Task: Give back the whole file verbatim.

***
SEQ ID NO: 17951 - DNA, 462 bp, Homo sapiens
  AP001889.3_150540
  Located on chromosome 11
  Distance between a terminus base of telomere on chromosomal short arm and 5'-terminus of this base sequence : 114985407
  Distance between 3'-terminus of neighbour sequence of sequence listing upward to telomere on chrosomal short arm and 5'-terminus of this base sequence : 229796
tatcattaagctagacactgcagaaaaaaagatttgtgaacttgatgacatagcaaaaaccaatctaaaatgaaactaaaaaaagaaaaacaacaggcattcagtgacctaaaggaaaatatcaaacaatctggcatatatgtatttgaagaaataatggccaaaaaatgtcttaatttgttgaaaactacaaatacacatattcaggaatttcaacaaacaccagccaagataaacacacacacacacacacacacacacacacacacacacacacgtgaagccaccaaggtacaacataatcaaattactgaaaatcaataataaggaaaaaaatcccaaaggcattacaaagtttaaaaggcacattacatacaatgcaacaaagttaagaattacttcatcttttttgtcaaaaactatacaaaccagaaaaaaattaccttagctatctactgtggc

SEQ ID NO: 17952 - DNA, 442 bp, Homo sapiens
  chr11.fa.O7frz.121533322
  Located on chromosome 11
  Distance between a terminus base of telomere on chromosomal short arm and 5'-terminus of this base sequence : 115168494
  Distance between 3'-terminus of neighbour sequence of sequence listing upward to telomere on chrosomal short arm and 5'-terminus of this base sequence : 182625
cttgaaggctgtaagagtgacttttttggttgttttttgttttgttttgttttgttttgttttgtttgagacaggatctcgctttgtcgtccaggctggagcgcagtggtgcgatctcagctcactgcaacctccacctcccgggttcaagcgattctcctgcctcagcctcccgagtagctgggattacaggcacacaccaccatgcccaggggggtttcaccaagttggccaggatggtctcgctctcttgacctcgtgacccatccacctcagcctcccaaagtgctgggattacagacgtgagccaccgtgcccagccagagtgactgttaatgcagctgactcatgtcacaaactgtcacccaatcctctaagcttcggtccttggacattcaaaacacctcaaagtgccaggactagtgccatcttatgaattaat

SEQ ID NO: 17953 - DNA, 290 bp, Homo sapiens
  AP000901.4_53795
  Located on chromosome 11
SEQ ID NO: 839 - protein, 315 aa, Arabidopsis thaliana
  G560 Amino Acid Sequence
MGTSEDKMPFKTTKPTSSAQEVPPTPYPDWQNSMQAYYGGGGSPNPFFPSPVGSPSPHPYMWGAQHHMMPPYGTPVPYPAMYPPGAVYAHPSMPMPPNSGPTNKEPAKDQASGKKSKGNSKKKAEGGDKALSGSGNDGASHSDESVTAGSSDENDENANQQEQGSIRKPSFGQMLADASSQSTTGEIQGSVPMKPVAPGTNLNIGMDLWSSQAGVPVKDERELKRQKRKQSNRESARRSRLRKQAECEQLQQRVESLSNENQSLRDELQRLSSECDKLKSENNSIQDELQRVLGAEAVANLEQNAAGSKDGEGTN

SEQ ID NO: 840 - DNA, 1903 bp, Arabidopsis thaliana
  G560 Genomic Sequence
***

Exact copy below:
SEQ ID NO: 17951 - DNA, 462 bp, Homo sapiens
  AP001889.3_150540
  Located on chromosome 11
  Distance between a terminus base of telomere on chromosomal short arm and 5'-terminus of this base sequence : 114985407
  Distance between 3'-terminus of neighbour sequence of sequence listing upward to telomere on chrosomal short arm and 5'-terminus of this base sequence : 229796
tatcattaagctagacactgcagaaaaaaagatttgtgaacttgatgacatagcaaaaaccaatctaaaatgaaactaaaaaaagaaaaacaacaggcattcagtgacctaaaggaaaatatcaaacaatctggcatatatgtatttgaagaaataatggccaaaaaatgtcttaatttgttgaaaactacaaatacacatattcaggaatttcaacaaacaccagccaagataaacacacacacacacacacacacacacacacacacacacacacgtgaagccaccaaggtacaacataatcaaattactgaaaatcaataataaggaaaaaaatcccaaaggcattacaaagtttaaaaggcacattacatacaatgcaacaaagttaagaattacttcatcttttttgtcaaaaactatacaaaccagaaaaaaattaccttagctatctactgtggc

SEQ ID NO: 17952 - DNA, 442 bp, Homo sapiens
  chr11.fa.O7frz.121533322
  Located on chromosome 11
  Distance between a terminus base of telomere on chromosomal short arm and 5'-terminus of this base sequence : 115168494
  Distance between 3'-terminus of neighbour sequence of sequence listing upward to telomere on chrosomal short arm and 5'-terminus of this base sequence : 182625
cttgaaggctgtaagagtgacttttttggttgttttttgttttgttttgttttgttttgttttgtttgagacaggatctcgctttgtcgtccaggctggagcgcagtggtgcgatctcagctcactgcaacctccacctcccgggttcaagcgattctcctgcctcagcctcccgagtagctgggattacaggcacacaccaccatgcccaggggggtttcaccaagttggccaggatggtctcgctctcttgacctcgtgacccatccacctcagcctcccaaagtgctgggattacagacgtgagccaccgtgcccagccagagtgactgttaatgcagctgactcatgtcacaaactgtcacccaatcctctaagcttcggtccttggacattcaaaacacctcaaagtgccaggactagtgccatcttatgaattaat

SEQ ID NO: 17953 - DNA, 290 bp, Homo sapiens
  AP000901.4_53795
  Located on chromosome 11
SEQ ID NO: 839 - protein, 315 aa, Arabidopsis thaliana
  G560 Amino Acid Sequence
MGTSEDKMPFKTTKPTSSAQEVPPTPYPDWQNSMQAYYGGGGSPNPFFPSPVGSPSPHPYMWGAQHHMMPPYGTPVPYPAMYPPGAVYAHPSMPMPPNSGPTNKEPAKDQASGKKSKGNSKKKAEGGDKALSGSGNDGASHSDESVTAGSSDENDENANQQEQGSIRKPSFGQMLADASSQSTTGEIQGSVPMKPVAPGTNLNIGMDLWSSQAGVPVKDERELKRQKRKQSNRESARRSRLRKQAECEQLQQRVESLSNENQSLRDELQRLSSECDKLKSENNSIQDELQRVLGAEAVANLEQNAAGSKDGEGTN

SEQ ID NO: 840 - DNA, 1903 bp, Arabidopsis thaliana
  G560 Genomic Sequence